Vice President of Water John Hofmann of the Lower Colorado River Authority began a water management plan presentation in the Red Bud Center at LCRA headquarters in Austin on Thursday, Oct. 13. The hour-long presentation was followed by an hour of questions from the audience, which was made up of representatives of the entities that help put together the 2020 plan. Staff photo by Suzanne Freeman
The Lower Colorado River Authority held a promised update on the water management plan for the Highland Lakes, inviting everyone who had a hand in developing the original document to the Thursday, Oct. 13, meeting in Austin.
“I think LCRA hears us and what we are saying and the questions we are asking,” coalition President Jo Karr Tedder told DailyTrib.com after the meeting. “I think this meeting would not have happened had we not been pushing so hard to have them open the water management plan. This is what needs to be done. They need to be more transparent and open about the information and the data.”
The push to update the plan with new data driven by current drought conditions and climate changes began at commissioners court meetings in Travis and Burnet counties over the summer. Both governments adopted resolutions supporting the move. The coalition also asked to be on the LCRA Board of Directors agenda for August but were “met with silence,” Tedder said at the time. This spurred a letter to Gov. Abbott, which was sent Sept. 26.
LCRA Vice President of Water John Hofmann led that promised meeting on Thursday.
“This is not a beginning of the process to update the management plan,” Hofmann made clear as slides appeared on large screens across the front of the room and the meeting began. “This plan was approved in 2020 and includes new drought of record updates from 2008-15.”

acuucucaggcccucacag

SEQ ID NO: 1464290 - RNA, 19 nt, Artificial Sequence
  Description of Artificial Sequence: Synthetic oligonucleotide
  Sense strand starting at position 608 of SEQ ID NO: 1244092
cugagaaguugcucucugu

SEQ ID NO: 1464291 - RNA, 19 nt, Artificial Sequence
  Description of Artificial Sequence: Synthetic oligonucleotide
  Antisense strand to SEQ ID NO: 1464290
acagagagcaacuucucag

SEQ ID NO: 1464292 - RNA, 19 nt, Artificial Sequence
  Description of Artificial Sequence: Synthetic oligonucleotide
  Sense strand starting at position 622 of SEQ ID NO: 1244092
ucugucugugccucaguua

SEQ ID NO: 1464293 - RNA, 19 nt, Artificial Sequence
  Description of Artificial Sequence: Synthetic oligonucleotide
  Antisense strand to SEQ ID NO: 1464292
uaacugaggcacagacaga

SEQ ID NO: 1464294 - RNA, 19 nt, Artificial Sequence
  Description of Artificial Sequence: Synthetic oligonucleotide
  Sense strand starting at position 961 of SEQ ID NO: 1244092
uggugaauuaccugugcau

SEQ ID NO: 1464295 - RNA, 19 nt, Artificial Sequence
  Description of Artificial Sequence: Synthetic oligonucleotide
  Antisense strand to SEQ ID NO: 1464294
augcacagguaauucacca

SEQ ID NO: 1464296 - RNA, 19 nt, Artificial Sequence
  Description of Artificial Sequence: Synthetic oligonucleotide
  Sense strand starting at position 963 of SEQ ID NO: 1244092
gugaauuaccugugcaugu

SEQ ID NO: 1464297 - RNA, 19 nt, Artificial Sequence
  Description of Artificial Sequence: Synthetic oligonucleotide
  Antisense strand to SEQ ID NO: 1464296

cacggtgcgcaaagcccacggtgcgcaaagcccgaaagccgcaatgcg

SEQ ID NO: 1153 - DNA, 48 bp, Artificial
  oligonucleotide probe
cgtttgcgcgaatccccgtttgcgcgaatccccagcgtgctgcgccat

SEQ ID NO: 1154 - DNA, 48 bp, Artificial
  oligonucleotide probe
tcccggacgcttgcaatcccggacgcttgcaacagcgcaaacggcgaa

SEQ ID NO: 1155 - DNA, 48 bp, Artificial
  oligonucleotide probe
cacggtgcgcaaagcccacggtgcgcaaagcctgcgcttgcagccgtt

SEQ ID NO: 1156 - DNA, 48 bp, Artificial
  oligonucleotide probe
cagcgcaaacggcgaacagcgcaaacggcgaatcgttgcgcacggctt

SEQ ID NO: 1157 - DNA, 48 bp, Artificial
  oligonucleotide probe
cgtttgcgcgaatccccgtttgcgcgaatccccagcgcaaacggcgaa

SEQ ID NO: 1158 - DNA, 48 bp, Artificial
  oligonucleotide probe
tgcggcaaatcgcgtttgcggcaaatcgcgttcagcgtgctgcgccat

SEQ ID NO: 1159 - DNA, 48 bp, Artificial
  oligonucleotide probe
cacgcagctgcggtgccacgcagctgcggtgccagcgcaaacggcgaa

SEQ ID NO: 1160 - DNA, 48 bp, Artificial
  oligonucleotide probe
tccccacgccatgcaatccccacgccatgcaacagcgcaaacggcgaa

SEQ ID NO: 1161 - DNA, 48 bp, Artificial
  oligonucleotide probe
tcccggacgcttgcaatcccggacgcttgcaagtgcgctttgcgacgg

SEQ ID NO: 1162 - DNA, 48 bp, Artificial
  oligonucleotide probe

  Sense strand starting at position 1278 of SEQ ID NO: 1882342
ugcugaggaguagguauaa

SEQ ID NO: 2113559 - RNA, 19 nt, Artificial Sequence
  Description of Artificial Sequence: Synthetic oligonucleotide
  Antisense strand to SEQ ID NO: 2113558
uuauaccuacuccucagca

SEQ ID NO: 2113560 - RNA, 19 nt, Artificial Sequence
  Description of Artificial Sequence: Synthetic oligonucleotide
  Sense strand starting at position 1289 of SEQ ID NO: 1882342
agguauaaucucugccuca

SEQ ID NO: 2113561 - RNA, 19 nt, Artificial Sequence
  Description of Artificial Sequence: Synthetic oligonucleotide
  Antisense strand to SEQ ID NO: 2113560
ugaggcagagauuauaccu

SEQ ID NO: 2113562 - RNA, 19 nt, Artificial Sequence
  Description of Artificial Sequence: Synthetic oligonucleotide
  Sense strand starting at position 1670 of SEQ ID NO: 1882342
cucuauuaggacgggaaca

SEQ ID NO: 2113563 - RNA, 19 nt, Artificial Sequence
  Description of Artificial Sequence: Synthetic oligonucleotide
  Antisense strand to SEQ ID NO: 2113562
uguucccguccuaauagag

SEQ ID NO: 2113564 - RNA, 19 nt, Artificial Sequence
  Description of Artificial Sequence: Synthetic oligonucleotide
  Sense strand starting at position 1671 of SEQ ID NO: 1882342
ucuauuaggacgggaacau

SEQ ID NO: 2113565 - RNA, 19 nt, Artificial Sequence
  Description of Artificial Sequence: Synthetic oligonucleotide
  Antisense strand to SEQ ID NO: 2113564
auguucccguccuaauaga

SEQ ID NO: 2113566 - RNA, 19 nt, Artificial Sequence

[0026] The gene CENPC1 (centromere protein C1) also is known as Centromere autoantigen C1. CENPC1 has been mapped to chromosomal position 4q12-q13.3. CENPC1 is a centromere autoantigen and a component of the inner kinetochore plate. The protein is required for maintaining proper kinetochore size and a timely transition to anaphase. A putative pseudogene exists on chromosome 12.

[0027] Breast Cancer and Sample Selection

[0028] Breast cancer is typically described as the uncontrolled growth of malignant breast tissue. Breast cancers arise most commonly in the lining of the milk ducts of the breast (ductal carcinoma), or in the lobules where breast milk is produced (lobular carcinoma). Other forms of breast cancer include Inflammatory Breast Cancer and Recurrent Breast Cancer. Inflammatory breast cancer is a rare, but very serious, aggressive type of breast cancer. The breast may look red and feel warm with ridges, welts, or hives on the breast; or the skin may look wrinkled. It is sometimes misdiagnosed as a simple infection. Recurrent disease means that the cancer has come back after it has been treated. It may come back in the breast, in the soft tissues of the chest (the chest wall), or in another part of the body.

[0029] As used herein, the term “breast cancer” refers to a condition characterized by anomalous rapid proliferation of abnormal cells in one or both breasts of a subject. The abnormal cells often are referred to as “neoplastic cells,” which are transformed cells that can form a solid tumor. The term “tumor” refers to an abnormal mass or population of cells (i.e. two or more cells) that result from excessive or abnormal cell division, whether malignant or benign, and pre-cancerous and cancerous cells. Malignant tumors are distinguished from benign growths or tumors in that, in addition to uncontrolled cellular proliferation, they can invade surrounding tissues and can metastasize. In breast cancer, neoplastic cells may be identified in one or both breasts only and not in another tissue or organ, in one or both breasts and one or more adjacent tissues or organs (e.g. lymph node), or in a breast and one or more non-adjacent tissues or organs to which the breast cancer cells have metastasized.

He also explained that the LCRA has three evaluation meetings each year to determine if and how much water can be released to downstream users based on combined storage in the LCRA’s two reservoir lakes, Buchanan and Travis. When that reaches a certain level, as it did in the summer, releases for agricultural use can be stopped. Evaluation dates are Nov. 1, March 1, and July 1.
The March 1 evaluation for 2022 rated lake conditions as “normal” with storage above 1.5 million acre-feet, said presenter Monica Master, vice president of Water Resources for the LCRA. Data passed the “look ahead” test, she said, and 178,000 acre-feet of water was released for Gulf Coast rice farmers’ first growing season.
Things changed drastically by the July 1 evaluation. Combined storage for Buchanan and Travis was down to 1,278 million acre-feet (1.3 million is the trigger point in the water management plan), changing the water supply condition rating to “extraordinary drought.” No water was sent to rice farmers for the second growing season.
The Central Texas Water Coalition’s white paper called the water management plan that approved water sales for the first rice growing season and weed control “antiquated.” It pointed out that the drought of record was disastrous for area businesses, homeowners, municipalities, and families.